Sunday, July 7, 2024

Dragon / Dragonsoft

Kenfig Industrial Estate, Margam, Port Talbot, West Glamorgan, SA 13 

Jumpjet, Dragon Data software
Dragon computers are one of the "nearly" stories of the UK hardware industry. A good design and early success undermined by a parent company in financial difficulties. My aunt brought one on clearance in 1984 because she wanted to get one of these new-fangled computer thingies everyone was going on about, and for a long time that was my only experience of the Dragon range. A bit of a joke. A cautionary tale about what happens when go into Dixons and ask the salesman what computer they recommend and trust them to sell you the latest technology.

Monday, June 24, 2024

Bulletin 1000

Eardley House, 182/184 Campden Hill Road, London, W8

"Hi, my name is Jeremy and I'd like to welcome you to the first issue of Bulletin 1000 Video Magazine which we're bringing to you from the Video Cafe here in the heart of London's West End. Over the coming months we will be bringing you details and indeed showing you advertisements featuring highlights of some of the best software from the leading software houses. In addition we'll be running competitions which could get your face here on this very screen and win you some great prizes such as software, monitors, computers, joysticks, and lots lots more. Including the chance to be a video disc jockey for the evening here at London's Video Care but more of that later."

Saturday, June 22, 2024

Amiga Point of View issue 5

Commercial break.

People are still making fanzines. This is fantastic news. Just recently I've been enjoying issue five of APoV, AMIGA POINT OF VIEW printed barely 14 years after issue four. It's got reviews, articles, a great cover, pretty much everything you'd expect, and it's a great read. There are features on Amiga 8-bit emulators, games which never existed, and an interview with the Magnetic Fields team which I have bookmarked in case my plans for a trip to Llandudno ever achieve fruition.

You can buy APoV issue five here. $2.50 for a PDF version but UK readers also have the chance to order a print version. Go ahead and buy a copy. It gets my seal of approval.

Follow them on Twitter @APoVAmiga.

Commercial break: ends.

Sunday, June 9, 2024

Grandslam Entertainment

Grandslam House, 56 Leslie Park Road, Croydon, CR0

The Running Man, C64 cover
Grandslam Entertainment was born in 1987, renamed from Argus Press Software, which had been spun off from Argus Specialist Publications, which was itself the hobby magazine division of Argus Press, which was itself a publishing company owned by BET PLC. Until 1985, BET PLC had been known as British Electric Traction and they were an absolutely enormous conglomerate who owned absolutely everything from Wembley Stadium to waste disposal specialists Biffa. They were big. And big was out of fashion in 1985. So BET PLC began divesting itself of its share of laundry companies and television companies and crane companies, and slimmed itself down. Until, in 1996, BET PLC was taken over by Rentokill and that's the end of their story.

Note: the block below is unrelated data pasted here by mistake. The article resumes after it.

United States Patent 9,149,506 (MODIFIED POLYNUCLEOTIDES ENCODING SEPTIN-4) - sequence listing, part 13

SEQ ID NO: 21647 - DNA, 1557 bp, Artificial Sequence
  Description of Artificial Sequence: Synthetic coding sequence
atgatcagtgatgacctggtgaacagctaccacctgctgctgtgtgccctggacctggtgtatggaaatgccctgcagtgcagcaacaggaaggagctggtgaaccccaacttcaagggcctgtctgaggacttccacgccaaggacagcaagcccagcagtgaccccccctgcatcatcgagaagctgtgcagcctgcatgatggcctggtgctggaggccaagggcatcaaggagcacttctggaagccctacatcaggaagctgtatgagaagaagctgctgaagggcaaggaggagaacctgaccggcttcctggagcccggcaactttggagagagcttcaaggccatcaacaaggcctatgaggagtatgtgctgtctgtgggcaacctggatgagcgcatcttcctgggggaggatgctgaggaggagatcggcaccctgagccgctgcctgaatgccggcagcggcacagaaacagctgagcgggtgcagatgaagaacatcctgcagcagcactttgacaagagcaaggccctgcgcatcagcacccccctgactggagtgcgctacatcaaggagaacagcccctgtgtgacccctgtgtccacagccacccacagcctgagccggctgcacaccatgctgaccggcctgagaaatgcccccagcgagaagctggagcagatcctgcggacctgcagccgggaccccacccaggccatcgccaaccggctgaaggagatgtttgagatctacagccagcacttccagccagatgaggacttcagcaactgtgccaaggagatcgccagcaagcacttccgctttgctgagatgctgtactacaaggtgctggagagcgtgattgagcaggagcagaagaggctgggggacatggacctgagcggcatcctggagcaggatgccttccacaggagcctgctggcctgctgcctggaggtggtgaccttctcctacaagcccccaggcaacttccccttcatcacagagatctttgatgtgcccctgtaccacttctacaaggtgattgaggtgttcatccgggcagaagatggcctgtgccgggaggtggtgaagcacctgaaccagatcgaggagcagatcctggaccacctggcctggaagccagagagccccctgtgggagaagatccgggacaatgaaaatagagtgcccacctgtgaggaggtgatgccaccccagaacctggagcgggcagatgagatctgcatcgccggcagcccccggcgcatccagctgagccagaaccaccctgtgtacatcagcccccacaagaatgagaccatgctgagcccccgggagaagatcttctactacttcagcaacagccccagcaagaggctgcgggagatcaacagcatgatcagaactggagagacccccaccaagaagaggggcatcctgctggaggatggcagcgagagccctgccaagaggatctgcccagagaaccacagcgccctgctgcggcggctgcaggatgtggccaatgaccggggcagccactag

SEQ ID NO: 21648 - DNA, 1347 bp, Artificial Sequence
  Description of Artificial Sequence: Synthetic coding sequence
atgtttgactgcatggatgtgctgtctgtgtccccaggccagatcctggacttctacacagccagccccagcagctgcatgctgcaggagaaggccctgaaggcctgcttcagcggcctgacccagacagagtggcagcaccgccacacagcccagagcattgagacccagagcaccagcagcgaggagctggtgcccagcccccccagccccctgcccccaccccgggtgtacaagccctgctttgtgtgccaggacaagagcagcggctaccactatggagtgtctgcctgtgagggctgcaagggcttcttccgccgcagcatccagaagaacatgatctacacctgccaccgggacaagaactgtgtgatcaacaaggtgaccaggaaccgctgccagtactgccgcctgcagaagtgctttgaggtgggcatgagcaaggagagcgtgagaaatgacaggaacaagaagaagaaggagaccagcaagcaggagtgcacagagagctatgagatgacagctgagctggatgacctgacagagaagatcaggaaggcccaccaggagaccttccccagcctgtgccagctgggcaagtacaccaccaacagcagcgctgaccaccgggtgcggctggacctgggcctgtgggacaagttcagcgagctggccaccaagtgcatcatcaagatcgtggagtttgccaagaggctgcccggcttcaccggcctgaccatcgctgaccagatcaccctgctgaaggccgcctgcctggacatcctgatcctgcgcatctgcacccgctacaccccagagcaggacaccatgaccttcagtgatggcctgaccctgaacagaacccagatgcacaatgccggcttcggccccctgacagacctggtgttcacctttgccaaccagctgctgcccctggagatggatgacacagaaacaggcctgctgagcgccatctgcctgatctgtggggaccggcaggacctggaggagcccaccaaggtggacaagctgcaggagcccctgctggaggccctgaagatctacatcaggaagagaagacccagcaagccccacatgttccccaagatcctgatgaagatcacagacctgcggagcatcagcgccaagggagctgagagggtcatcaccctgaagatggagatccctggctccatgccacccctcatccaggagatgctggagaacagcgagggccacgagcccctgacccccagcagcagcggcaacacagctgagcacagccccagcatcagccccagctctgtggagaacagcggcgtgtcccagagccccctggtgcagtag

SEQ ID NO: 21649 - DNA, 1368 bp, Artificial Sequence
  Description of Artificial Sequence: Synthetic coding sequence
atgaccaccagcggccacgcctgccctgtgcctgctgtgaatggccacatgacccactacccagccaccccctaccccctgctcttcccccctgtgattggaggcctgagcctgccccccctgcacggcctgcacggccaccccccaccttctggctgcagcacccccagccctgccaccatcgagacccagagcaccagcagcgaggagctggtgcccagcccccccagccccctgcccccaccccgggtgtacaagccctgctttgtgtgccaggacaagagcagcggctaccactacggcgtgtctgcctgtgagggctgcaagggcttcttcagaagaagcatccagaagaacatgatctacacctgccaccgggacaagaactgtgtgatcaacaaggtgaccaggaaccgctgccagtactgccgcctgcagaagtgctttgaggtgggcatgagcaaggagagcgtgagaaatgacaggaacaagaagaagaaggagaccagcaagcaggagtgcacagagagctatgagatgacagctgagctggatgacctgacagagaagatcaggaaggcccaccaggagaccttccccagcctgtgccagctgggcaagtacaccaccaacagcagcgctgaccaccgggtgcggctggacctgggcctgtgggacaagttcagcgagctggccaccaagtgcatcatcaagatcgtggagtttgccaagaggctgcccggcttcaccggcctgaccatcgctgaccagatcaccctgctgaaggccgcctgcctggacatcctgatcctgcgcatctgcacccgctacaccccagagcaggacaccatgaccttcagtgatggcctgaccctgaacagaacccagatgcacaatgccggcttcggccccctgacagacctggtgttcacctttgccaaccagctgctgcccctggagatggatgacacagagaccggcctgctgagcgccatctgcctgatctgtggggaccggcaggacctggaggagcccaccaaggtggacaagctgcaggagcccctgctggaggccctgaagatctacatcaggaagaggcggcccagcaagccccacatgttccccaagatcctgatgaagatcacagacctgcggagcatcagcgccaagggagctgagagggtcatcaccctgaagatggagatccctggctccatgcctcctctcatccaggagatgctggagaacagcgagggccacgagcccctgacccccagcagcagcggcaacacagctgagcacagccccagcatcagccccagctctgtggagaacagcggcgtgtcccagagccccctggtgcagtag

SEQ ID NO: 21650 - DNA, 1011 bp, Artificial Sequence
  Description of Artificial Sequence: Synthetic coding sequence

Sunday, May 12, 2024

Zeppelin Games/Merit Studios Europe/Eutechnyx/Zerolight

25 Osbourne Road, Jesmond, Newcastle upon Tyne, NE2

Edd the Duck, C64 cover

"The north-east is a bit of a remote outpost for UK software now that Tynesoft has bitten the dust. This last bastion of Geordie publishing specialises in budget software." That's how THE ONE described Zeppelin Games, entry number one in their Software Landmarks of the UK article in October 1991. It's a short entry for a company which ended up being a big player in the UK games industry although I'm not 100% sure the company is still running today. I'll get to that later.

Sunday, April 28, 2024


Pole Position, BBC Micro cover
I'd like to go back to the Atari well one more time to talk about the short-lived Atarisoft UK range. I originally planned to make this part of the Atari article but it was just too long. In America, the label was a success, at least at first. Whatever plans Atari UK had for the range were disrupted at the end of July 1984 when Warner Communications sold the consumer division of Atari to Jack Tramiel. Atarisoft UK rapidly stalled and although a few games slip out across the remainder of 1984, its surprisingly difficult to make sense of what happens or why.

Sunday, April 14, 2024

Atari Corp (UK) Ltd

Atari House, Railway Terrace, Slough, SL2

Atari, ET game cover
Atari was founded in 1972, and it took 10 years for them to cross the Atlantic and set up their UK subsidiary. This was well after Commodore, who arrived in 1969 in their guise as a manufacturer of typewriters, and just before Activision, who set up their UK branch in the autumn of 1983. At least, that's the simple answer. I thought the story of Atari UK was going to be an easy one to write. I was wrong.